Kids Tutoring Kids

kids tutoring kidsIt all started with Pokeman cards.

Lucas, my 11 year old, wanted to buy some Pokeman cards. Knowing that I would never give him the cashola for these, we started brainstorming some other ways that he could make some money. After thinking through all of his skills and talents, he decided that he should tutor kids in Mandarin. He knows Mandarin well (he has been learning the language since he was 3), he is patient, and he gets along well with everyone — the building blocks to being a great teacher!

He created a website, did a little marketing and voila! Four students! We learned a lot over the past few months about the best way to conduct these lessons and in the process he gained a lot of confidence about running a business. He needed to plan the lessons, conduct the lessons, keep track of the tuition, reach out to parents and organize his schedule.

Does your child have a skill that he/she can share? Perhaps you can help your chid start his/own tutoring business!

LEARNING LESSONS:

  1. PLAN AHEAD: Spend a lot more time than you think you need to plan your lessons. I can’t tell you how often we would find ourselves at 9:30 the night before his lessons freaking out because we did not make time to prepare the lessons ahead of time.
  2. TAKE IT EASY: At first, we both thought it would be easy! Heck! I was a teacher before I was a mom. It was much more challenging than we expected. We wanted the lessons to be fun and engaging and that takes time! We also had 4 students at all different levels, so we could not simply repeat the same lesson. In retrospect, I think we probably should have just taken on one student at a time.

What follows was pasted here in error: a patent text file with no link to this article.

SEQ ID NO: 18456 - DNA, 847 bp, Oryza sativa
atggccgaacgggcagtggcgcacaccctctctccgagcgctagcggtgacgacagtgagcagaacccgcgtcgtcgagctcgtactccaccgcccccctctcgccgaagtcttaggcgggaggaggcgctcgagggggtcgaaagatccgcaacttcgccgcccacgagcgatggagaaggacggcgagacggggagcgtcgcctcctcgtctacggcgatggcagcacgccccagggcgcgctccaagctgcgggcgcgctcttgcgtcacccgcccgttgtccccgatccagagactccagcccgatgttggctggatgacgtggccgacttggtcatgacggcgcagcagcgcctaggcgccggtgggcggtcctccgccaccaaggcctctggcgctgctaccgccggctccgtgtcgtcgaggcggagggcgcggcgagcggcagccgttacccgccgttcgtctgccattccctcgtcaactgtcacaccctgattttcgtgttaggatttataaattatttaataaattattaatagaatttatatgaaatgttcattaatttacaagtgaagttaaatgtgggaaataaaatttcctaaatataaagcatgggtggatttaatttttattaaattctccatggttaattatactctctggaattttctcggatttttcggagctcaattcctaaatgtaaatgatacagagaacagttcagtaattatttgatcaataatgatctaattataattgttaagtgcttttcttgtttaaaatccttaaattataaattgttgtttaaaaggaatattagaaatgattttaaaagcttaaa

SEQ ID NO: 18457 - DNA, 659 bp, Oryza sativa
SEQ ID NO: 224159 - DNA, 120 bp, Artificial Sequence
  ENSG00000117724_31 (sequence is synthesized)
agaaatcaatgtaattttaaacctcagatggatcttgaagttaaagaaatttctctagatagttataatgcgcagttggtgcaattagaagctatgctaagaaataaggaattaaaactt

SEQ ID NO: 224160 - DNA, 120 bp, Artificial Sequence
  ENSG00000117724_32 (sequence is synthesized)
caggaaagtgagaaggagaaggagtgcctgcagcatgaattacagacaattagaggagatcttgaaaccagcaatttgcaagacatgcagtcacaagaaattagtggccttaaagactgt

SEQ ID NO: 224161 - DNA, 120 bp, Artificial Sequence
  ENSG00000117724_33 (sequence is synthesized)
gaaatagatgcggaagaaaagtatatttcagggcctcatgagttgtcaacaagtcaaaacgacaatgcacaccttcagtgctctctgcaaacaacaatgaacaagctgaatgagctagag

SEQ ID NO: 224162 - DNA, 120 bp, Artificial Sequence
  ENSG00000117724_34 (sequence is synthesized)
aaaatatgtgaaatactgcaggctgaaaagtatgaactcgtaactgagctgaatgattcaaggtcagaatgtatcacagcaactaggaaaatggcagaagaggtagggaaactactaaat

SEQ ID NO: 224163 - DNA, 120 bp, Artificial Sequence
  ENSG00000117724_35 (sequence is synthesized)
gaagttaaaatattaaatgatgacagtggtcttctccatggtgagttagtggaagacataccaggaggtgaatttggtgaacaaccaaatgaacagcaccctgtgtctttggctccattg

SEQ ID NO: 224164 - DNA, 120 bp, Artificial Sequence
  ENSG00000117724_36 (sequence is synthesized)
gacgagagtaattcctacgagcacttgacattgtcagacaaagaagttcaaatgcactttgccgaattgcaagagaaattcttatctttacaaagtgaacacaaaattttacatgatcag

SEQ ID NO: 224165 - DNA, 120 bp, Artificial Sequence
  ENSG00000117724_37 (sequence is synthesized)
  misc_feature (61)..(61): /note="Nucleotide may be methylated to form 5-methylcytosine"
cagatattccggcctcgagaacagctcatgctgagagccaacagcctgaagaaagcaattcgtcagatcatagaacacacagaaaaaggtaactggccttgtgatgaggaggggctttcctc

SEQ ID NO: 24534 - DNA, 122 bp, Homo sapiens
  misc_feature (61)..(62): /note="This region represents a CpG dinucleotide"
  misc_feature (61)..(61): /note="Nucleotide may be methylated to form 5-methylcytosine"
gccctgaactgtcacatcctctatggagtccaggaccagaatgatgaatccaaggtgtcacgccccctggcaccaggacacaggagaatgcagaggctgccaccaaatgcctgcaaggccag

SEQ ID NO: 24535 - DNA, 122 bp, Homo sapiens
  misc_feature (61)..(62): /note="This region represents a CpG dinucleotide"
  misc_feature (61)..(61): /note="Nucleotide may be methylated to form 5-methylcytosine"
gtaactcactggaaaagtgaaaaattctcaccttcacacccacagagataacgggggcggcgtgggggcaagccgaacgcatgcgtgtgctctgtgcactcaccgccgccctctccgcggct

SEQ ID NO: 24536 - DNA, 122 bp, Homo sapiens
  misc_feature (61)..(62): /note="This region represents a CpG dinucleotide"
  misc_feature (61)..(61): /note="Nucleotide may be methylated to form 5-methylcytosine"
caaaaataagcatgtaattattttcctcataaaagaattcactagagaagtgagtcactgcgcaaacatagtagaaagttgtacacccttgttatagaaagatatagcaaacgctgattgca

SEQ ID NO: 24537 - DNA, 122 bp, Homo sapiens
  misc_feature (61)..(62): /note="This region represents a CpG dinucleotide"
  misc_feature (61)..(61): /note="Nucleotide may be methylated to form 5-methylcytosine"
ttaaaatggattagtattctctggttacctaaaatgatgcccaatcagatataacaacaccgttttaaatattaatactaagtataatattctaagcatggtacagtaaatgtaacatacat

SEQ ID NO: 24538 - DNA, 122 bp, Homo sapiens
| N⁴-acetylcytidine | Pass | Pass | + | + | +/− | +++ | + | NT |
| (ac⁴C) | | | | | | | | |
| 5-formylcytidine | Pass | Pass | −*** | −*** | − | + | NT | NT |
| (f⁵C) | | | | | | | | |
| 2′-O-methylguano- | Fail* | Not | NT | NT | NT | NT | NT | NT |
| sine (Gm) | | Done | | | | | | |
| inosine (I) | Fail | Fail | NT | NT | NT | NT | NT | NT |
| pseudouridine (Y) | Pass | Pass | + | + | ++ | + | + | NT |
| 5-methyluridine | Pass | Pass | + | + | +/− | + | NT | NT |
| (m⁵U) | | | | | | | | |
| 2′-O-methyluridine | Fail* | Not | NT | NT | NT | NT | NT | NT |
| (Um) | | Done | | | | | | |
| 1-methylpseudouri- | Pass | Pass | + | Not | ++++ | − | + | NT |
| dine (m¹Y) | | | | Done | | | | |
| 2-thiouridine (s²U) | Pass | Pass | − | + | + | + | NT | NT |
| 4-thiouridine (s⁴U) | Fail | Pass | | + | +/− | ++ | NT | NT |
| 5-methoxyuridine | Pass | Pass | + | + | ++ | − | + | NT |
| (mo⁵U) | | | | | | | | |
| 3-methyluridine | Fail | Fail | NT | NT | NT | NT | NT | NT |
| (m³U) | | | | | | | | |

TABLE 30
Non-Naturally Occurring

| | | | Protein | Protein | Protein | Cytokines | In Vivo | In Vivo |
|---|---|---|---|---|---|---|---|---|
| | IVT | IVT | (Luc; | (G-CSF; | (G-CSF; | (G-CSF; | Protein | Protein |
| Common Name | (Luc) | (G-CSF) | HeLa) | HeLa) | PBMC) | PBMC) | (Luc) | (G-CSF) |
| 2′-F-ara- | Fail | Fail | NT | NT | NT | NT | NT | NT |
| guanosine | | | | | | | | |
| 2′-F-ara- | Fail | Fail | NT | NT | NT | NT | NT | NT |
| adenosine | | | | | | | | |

3. DIFFERENT COMPONENTS: There is nothing worse than running out of things to do when you are a teacher. Always OVER-prepare! Help your child plan 3 or 4 different activities to do during his/her lesson period.
  4. TIMING: Keep the lessons short — 45 minutes tops.
  5.  SPREADSHEETS: We created parent progress sheets for us to keep track of the lessons and words taught. We had four students at 4 different levels and so this was a great way for us to keep track of what we had already done.
  6. BACKWARDS DESIGN: We thought through where we wanted the students to end up before we started each lesson. What do we want our students to know by the end of the lesson? By the end of 10 lessons?
  7. ACTIVE GAMES: Kids like to move — especially after school. They don’t want to sit down and do Chinese after they have already been sitting for 6 hours in school. Plan a few active educational games in the middle of the lesson.
  8. FUN: Have fun!  In the beginning for us, it was definitely not fun. We were a bit stressed about how to do it and how to manage all of the lessons. Towards the end, we got into a rhythm and enjoyed it.
  9. FIXED GAME PLAN: Our students knew what to expect for each lesson so that there were no surprises. They did not balk at sitting down at the beginning because they knew  it was just for a short time and they would be up playing a game. Our general game plan for each lesson was built on three components:

a. Review: A  review of the words and concepts that he had taught in previous weeks.

b. Active Game: An active game to learn new skills and concepts.

c. Deeper Understanding: A sitting activity to apply the new skills and concepts that they just learned in the active game.

Let us know in the comments section below or on our Facebook page if you tried out this idea or if you have any thoughts about what we are doing!

Enjoy! Michelle

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